mander for his alleged theft of th
boat and declaring his willingness t
join in the search for him. It wai
known to the authorities that the ene
cution of the boatswain's brother b;
Morgan had shattered the oki intimac:.
which subsisted between tliem; cons
quently his protestations were given
credence, and suspicion of collusion
was diverted from him.
Lord Carlingford finally determined
to send the Mary Rose to sea in av en?
deavor to overhaul the pinnace In iii.1
hop" that iLie former vice governor
might be found on her. although the
chances o:" success were but faint. The
frigate, however, was not provisionei
or watered for a cruise after her long
voyage from England. There had been
considerable scurvy and other sickness
on the ship, and she was in no condi?
tion to weigh anchor immediately.
She would have to be resupplied and
the sick men in her crewr replaced by
drafts from the shore. Besides, in ac?
cordance with the invariable custom,
the great majority of the men had
been given shore leave for that after?
noon and evening, and those few who
were not on duty were carousing at
the Blue Anchor inn and similar tav
Ths frightened slaves could tell nothing
eras and would be utterly unable to
work the ship should they be called
upon to do so without being given a
chance to sober up. This would take
time, and Lord Carlingford upon tiie
representations of his sea officers de?
cided to wait until the morrow before
As he could do so, not only personal?
ly, but through his able lieutenants,
Homigold busied himself during the
day and the preceding night in en?
listing as vicious a gang of depraved
ruffians as could be gathered together
? in what was perhaps the wickedest city
in the world. It had been decided after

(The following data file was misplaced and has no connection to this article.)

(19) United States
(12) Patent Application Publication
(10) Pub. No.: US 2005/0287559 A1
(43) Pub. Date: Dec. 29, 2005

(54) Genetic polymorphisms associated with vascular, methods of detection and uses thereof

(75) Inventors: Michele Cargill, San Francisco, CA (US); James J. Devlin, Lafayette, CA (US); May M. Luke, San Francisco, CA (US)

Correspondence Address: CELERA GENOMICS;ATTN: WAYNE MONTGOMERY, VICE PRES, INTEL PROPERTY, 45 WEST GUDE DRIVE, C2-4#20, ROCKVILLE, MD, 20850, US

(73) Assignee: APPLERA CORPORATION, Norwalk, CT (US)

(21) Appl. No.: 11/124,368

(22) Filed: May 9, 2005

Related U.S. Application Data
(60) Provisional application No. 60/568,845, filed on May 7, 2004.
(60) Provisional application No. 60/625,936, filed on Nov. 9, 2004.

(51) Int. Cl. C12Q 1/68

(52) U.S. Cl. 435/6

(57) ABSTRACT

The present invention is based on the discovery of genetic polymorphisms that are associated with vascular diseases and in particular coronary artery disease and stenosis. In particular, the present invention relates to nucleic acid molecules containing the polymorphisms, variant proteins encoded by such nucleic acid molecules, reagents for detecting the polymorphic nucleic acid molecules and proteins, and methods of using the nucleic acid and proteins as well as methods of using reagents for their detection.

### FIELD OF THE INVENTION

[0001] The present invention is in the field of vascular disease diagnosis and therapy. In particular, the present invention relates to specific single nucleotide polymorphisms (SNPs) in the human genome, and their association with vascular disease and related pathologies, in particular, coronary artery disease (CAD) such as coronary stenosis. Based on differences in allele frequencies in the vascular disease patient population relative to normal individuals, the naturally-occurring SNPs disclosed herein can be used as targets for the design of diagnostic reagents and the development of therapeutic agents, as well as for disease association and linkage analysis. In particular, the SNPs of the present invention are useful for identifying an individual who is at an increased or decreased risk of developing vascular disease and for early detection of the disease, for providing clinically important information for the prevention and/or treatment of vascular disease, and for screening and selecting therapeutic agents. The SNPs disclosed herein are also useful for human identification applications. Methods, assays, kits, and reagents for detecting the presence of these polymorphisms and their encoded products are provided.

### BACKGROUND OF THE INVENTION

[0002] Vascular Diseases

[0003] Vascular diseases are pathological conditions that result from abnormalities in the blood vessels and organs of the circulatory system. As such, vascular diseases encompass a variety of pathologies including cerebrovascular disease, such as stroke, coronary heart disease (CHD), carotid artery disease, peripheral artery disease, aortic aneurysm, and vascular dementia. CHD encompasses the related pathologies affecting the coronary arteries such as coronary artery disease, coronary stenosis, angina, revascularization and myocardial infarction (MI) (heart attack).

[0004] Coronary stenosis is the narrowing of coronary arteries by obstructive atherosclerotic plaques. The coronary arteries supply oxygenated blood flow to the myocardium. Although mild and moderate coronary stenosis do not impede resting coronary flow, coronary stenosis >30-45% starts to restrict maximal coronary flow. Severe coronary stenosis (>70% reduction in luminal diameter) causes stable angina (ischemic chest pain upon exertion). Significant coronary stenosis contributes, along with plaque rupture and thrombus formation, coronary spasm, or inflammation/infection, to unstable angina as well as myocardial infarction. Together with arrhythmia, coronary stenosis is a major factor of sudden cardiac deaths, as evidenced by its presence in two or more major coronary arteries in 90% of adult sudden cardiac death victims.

conference between the leaders that
there was no place within the confines
of Port Royal itself where so many
men could meet without exciting sus?
picion. He had accordingly appointed
a rendezvous for the night across the
narrow entrance to the harbor, opposite
the fort, under the trees which over?
shadowed the strand, some distance j
back from high water mark. Singly or '
in groups of two or three the men
had gone across in boats after sunset,
successfully eluding observation, for
tile night was moonless and very dark.
There was rum in plenty under the
trees on the point, but care was taken
by Rock Braziliano, Raveneau and the
others, even including Velsers, that no
one should drink enough to lose entire
control of his faculties or to become ob?
streperous. Xo fires were lighted: no
smoking was permitted. Strict silence
was enjoined and enforced. It was per?
haps 10 o'clock before all were as- I
When morning had cleared their j
brains of the rum they had taken, there j
had been ferocious opposition on the I
part of the older men. Not that they j
objected to buccaneering: They were j
eager for the chance once more. Bur j
the memory of Morgan's betrayals of j
his old comrades rankled deep. There ?
were many besides Hornigold who hail
promised themselves the luxury of
vengeance upon their old commander.
There wore none, however, who had so
dwelt upon it as the boatswain, nor j
were there any whose animosity and ?
determination compared to his fierce ;
hatred. Ile was therefore able at las.
to persuade them into a surly willing- j
noss to accept Morgan as their captain j
in Uris new enterprises Indeed, wita- !
out him they could do nothing, for j
there was no one who possessed the
ability or experience to lead them save j
he. The best men of the old stamp I
were now in lae south seas and far
away: they had boen driven from the !
Caribbean. It was net diilieult for
Hornigold to show them that it must
bo Morgan or no one.
Their feelings of animosity wore. ;
perforce, sunk beneath the surface, al- j